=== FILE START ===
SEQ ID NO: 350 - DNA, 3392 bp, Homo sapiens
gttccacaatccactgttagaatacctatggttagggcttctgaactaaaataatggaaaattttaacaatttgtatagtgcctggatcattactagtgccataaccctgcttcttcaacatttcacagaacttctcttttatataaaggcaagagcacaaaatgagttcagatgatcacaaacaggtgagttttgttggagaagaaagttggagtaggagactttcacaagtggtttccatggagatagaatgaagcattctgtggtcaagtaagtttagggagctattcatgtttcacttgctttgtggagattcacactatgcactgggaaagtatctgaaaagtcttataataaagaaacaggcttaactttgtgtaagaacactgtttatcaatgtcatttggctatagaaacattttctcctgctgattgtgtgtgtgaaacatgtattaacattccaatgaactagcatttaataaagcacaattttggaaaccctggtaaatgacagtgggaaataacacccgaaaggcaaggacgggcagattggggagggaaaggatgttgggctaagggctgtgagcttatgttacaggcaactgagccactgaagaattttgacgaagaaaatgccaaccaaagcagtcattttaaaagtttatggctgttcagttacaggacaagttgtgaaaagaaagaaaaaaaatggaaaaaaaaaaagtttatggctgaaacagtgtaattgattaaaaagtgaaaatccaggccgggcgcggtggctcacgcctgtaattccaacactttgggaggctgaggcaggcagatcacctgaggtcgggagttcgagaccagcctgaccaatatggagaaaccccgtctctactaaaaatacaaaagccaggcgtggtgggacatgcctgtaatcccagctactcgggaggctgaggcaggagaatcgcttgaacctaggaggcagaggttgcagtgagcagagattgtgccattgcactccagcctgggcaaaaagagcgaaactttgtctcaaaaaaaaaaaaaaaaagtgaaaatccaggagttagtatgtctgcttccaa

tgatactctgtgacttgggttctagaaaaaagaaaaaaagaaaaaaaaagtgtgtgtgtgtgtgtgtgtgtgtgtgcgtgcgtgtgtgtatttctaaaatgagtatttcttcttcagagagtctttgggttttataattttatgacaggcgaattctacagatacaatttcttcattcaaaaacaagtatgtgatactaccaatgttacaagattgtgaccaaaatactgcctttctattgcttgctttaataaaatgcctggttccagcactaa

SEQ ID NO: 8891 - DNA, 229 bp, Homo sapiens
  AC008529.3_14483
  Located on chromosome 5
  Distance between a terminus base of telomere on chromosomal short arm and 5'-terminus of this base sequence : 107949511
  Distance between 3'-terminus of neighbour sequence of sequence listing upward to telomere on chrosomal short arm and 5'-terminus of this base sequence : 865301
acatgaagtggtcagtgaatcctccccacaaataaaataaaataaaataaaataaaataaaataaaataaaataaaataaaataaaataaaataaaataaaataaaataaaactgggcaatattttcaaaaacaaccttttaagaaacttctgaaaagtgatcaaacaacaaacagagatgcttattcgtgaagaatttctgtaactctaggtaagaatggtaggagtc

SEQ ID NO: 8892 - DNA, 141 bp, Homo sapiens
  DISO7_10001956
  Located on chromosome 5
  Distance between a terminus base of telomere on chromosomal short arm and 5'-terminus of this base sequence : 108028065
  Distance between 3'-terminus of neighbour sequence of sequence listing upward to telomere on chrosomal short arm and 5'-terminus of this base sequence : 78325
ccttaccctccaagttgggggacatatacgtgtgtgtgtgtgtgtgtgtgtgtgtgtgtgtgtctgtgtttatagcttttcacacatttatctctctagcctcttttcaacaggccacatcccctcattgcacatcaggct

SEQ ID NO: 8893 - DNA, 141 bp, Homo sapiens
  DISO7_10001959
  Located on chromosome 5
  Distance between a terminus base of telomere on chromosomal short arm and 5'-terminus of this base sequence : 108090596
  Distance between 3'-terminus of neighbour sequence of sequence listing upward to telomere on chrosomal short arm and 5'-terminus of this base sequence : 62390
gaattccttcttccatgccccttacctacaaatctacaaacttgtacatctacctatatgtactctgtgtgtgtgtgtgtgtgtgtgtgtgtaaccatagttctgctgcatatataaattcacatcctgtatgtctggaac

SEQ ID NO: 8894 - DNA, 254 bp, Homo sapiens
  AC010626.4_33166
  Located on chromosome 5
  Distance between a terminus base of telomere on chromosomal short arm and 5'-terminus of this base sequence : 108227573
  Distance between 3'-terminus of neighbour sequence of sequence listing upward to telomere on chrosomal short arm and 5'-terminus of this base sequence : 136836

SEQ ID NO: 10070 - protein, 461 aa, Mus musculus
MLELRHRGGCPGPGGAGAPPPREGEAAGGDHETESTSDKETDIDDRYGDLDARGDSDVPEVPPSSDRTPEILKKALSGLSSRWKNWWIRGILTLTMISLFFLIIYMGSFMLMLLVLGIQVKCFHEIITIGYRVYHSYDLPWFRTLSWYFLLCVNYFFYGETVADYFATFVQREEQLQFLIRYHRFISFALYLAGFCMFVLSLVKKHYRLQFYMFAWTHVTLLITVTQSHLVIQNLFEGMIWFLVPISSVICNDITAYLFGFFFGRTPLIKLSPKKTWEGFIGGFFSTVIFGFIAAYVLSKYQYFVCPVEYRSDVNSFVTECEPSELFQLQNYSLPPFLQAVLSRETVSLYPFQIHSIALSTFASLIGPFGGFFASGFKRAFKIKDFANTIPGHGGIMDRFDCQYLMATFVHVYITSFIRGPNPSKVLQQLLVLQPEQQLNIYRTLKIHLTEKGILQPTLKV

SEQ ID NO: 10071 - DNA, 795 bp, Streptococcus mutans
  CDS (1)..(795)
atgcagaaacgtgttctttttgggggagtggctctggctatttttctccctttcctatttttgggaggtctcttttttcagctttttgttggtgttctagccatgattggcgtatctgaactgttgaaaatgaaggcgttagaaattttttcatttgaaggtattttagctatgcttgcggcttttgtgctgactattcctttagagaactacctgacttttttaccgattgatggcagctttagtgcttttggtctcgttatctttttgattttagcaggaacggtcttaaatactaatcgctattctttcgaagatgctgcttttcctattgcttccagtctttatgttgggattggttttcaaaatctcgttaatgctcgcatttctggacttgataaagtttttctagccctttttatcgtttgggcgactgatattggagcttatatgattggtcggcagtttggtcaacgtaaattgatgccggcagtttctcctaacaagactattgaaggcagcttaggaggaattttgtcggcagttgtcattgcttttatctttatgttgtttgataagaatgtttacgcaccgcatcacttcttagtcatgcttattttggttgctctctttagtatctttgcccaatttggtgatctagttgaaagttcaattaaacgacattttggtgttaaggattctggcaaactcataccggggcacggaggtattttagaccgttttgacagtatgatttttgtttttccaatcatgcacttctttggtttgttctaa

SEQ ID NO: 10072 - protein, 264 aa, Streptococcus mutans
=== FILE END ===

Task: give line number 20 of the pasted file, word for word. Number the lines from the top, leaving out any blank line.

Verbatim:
  Distance between 3'-terminus of neighbour sequence of sequence listing upward to telomere on chrosomal short arm and 5'-terminus of this base sequence : 62390